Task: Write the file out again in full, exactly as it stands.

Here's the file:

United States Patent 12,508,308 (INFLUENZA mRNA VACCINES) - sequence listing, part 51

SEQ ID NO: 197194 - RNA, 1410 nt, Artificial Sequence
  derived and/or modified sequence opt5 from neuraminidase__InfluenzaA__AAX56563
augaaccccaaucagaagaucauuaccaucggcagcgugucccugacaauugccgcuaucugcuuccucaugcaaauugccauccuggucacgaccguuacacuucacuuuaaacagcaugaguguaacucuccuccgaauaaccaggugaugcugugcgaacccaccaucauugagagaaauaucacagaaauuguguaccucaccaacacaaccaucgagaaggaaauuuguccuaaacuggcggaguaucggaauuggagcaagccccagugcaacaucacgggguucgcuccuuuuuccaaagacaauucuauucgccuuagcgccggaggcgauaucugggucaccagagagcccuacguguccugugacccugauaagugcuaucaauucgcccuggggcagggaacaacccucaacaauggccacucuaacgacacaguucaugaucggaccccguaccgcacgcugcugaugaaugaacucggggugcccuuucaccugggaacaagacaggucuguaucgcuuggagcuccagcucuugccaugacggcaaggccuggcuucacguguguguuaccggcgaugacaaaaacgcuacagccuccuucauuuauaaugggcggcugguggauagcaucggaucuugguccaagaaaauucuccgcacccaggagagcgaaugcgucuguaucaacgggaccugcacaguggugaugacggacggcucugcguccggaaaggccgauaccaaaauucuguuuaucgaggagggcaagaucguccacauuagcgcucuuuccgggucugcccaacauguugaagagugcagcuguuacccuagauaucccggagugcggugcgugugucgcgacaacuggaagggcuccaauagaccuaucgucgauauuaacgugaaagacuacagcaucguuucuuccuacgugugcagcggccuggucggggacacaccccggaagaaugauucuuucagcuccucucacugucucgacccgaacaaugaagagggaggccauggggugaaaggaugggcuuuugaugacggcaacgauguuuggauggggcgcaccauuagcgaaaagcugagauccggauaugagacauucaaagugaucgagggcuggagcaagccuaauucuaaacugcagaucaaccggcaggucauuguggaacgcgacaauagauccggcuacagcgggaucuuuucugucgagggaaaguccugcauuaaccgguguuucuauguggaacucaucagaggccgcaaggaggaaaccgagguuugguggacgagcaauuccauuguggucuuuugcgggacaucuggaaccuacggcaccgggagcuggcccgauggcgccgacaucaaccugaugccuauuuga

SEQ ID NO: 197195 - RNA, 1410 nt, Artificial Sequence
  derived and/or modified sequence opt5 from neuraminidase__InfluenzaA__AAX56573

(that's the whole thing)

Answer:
United States Patent 12,508,308 (INFLUENZA mRNA VACCINES) - sequence listing, part 51

SEQ ID NO: 197194 - RNA, 1410 nt, Artificial Sequence
  derived and/or modified sequence opt5 from neuraminidase__InfluenzaA__AAX56563
augaaccccaaucagaagaucauuaccaucggcagcgugucccugacaauugccgcuaucugcuuccucaugcaaauugccauccuggucacgaccguuacacuucacuuuaaacagcaugaguguaacucuccuccgaauaaccaggugaugcugugcgaacccaccaucauugagagaaauaucacagaaauuguguaccucaccaacacaaccaucgagaaggaaauuuguccuaaacuggcggaguaucggaauuggagcaagccccagugcaacaucacgggguucgcuccuuuuuccaaagacaauucuauucgccuuagcgccggaggcgauaucugggucaccagagagcccuacguguccugugacccugauaagugcuaucaauucgcccuggggcagggaacaacccucaacaauggccacucuaacgacacaguucaugaucggaccccguaccgcacgcugcugaugaaugaacucggggugcccuuucaccugggaacaagacaggucuguaucgcuuggagcuccagcucuugccaugacggcaaggccuggcuucacguguguguuaccggcgaugacaaaaacgcuacagccuccuucauuuauaaugggcggcugguggauagcaucggaucuugguccaagaaaauucuccgcacccaggagagcgaaugcgucuguaucaacgggaccugcacaguggugaugacggacggcucugcguccggaaaggccgauaccaaaauucuguuuaucgaggagggcaagaucguccacauuagcgcucuuuccgggucugcccaacauguugaagagugcagcuguuacccuagauaucccggagugcggugcgugugucgcgacaacuggaagggcuccaauagaccuaucgucgauauuaacgugaaagacuacagcaucguuucuuccuacgugugcagcggccuggucggggacacaccccggaagaaugauucuuucagcuccucucacugucucgacccgaacaaugaagagggaggccauggggugaaaggaugggcuuuugaugacggcaacgauguuuggauggggcgcaccauuagcgaaaagcugagauccggauaugagacauucaaagugaucgagggcuggagcaagccuaauucuaaacugcagaucaaccggcaggucauuguggaacgcgacaauagauccggcuacagcgggaucuuuucugucgagggaaaguccugcauuaaccgguguuucuauguggaacucaucagaggccgcaaggaggaaaccgagguuugguggacgagcaauuccauuguggucuuuugcgggacaucuggaaccuacggcaccgggagcuggcccgauggcgccgacaucaaccugaugccuauuuga

SEQ ID NO: 197195 - RNA, 1410 nt, Artificial Sequence
  derived and/or modified sequence opt5 from neuraminidase__InfluenzaA__AAX56573